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Chris Calton

Chris Calton



Articles by Chris Calton

Bring Back the Constitution’s Prohibiton of Double Jeopardy

August 23, 2019

When Donny Clark was arrested in 1990 as part of a twenty-eight-man conspiracy to grow marijuana, he was the only defendant who refused to accept a plea bargain. Clark insisted he was innocent. Five years earlier, Clark was convicted in a Florida court for growing marijuana, but he served his time and was now working …

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Government Prosecutors Are Out of Control

August 21, 2019

When Paul Hayes was arrested in Kentucky for writing a fraudulent check, he faced his third felony charge. At the time, Kentucky had a law in effect known as the Habitual Criminal Act, which imposed a life sentence for any third-time felony conviction. The prosecutor in the case, however, was at liberty to decide whether …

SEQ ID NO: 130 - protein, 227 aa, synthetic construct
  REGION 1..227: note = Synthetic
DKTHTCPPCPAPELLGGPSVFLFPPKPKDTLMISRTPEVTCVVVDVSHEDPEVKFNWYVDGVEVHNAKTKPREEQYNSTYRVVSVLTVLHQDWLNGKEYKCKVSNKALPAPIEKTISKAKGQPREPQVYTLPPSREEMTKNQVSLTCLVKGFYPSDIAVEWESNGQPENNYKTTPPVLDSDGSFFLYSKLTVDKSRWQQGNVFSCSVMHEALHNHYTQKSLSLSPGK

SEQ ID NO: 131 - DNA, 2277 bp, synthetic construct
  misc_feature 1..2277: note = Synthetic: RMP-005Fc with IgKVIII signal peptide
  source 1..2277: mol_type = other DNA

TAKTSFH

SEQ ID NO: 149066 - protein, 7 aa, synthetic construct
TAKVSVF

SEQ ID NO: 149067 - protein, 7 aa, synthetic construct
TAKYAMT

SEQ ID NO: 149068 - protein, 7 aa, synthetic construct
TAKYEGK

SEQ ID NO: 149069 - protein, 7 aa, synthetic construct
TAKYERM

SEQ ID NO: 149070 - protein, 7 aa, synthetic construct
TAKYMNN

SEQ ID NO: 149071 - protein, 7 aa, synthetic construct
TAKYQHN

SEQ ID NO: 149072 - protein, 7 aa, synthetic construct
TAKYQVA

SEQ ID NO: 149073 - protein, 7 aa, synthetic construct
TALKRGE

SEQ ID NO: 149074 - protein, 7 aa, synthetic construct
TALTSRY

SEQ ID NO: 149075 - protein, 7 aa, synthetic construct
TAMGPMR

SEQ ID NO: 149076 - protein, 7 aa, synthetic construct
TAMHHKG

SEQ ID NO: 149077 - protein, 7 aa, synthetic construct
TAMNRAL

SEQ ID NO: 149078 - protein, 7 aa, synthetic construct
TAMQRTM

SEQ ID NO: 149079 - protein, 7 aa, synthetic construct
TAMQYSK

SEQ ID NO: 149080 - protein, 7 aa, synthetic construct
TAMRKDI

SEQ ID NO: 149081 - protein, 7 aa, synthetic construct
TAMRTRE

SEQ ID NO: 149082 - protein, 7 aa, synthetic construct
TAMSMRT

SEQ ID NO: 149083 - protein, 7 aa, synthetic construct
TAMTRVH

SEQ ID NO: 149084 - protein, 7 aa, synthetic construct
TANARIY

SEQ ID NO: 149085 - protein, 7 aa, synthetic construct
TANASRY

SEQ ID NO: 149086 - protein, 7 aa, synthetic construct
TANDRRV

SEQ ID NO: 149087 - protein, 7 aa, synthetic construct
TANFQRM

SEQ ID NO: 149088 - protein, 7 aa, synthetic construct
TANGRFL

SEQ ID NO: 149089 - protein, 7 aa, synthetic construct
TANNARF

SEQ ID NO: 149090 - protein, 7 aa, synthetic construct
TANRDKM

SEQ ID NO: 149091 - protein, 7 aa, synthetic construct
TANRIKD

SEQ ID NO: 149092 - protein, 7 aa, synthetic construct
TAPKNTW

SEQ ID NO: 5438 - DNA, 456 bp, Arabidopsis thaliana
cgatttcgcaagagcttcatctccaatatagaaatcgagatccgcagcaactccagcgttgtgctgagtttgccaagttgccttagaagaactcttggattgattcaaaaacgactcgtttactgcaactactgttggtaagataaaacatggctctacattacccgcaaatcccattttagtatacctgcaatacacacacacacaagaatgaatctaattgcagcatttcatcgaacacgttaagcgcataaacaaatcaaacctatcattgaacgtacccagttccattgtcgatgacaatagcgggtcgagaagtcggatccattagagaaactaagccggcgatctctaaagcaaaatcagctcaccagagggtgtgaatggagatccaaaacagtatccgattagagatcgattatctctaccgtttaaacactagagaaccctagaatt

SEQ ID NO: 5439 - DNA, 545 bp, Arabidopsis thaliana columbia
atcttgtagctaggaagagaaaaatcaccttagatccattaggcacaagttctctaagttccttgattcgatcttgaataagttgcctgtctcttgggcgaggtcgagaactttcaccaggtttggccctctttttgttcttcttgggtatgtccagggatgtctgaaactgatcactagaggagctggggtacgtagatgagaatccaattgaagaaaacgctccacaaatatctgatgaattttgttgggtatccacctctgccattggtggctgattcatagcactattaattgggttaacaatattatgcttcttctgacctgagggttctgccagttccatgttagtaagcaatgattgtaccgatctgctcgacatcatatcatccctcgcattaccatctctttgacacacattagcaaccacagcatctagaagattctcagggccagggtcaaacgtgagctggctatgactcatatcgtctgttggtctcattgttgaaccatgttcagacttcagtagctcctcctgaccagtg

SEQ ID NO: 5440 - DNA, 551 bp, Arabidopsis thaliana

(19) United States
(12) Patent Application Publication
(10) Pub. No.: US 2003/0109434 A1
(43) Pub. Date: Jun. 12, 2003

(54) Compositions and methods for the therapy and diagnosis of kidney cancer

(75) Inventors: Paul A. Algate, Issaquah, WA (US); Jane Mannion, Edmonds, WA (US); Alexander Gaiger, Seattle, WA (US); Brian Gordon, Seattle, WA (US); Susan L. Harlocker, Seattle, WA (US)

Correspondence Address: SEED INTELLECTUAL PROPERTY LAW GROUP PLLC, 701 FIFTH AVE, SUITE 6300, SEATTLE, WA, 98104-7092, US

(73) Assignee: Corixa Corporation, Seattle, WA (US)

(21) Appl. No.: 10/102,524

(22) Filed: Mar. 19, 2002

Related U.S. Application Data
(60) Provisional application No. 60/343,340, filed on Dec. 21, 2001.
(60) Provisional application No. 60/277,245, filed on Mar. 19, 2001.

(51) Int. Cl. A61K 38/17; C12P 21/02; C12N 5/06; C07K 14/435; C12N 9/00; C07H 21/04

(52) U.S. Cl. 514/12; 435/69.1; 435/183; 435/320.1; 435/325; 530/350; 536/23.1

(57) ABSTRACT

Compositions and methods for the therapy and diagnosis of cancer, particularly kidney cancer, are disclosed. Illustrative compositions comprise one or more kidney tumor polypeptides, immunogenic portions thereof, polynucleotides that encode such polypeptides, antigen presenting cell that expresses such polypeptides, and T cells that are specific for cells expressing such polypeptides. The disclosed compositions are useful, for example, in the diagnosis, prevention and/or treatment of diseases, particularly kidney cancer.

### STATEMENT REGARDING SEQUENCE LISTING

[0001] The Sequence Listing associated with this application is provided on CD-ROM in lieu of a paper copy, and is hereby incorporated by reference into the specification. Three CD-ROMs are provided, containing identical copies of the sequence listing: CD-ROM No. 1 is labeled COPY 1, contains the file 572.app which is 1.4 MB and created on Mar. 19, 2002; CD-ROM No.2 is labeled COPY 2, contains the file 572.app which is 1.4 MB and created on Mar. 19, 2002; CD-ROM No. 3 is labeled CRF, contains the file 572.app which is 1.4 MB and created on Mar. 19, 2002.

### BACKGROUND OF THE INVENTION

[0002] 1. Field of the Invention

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The Problem with Private Prisons Is Not that They Are Private

August 15, 2019

The Brennan Center for Justice recently published a collection of essays, all written by far-left politicians, about how the United States might solve the problem of mass incarceration. Bernie Sanders contributed an essay titled “Abolish For-Profit Prisons.” His essay should come as no surprise; during the 2016 election, he made headlines after proposing the Justice …

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Federal Judges Are Waging War on the Fourth Amendment

August 8, 2019

In 1984, as part of Ronald Reagan’s renewed war on drugs, the Drug Enforcement Administration launched Operation Pipeline. This program was inspired by the strategies employed by state troopers in New Mexico who, after pulling somebody over, asked specific questions designed to determine whether the driver might be a drug trafficker. Combined with the financial …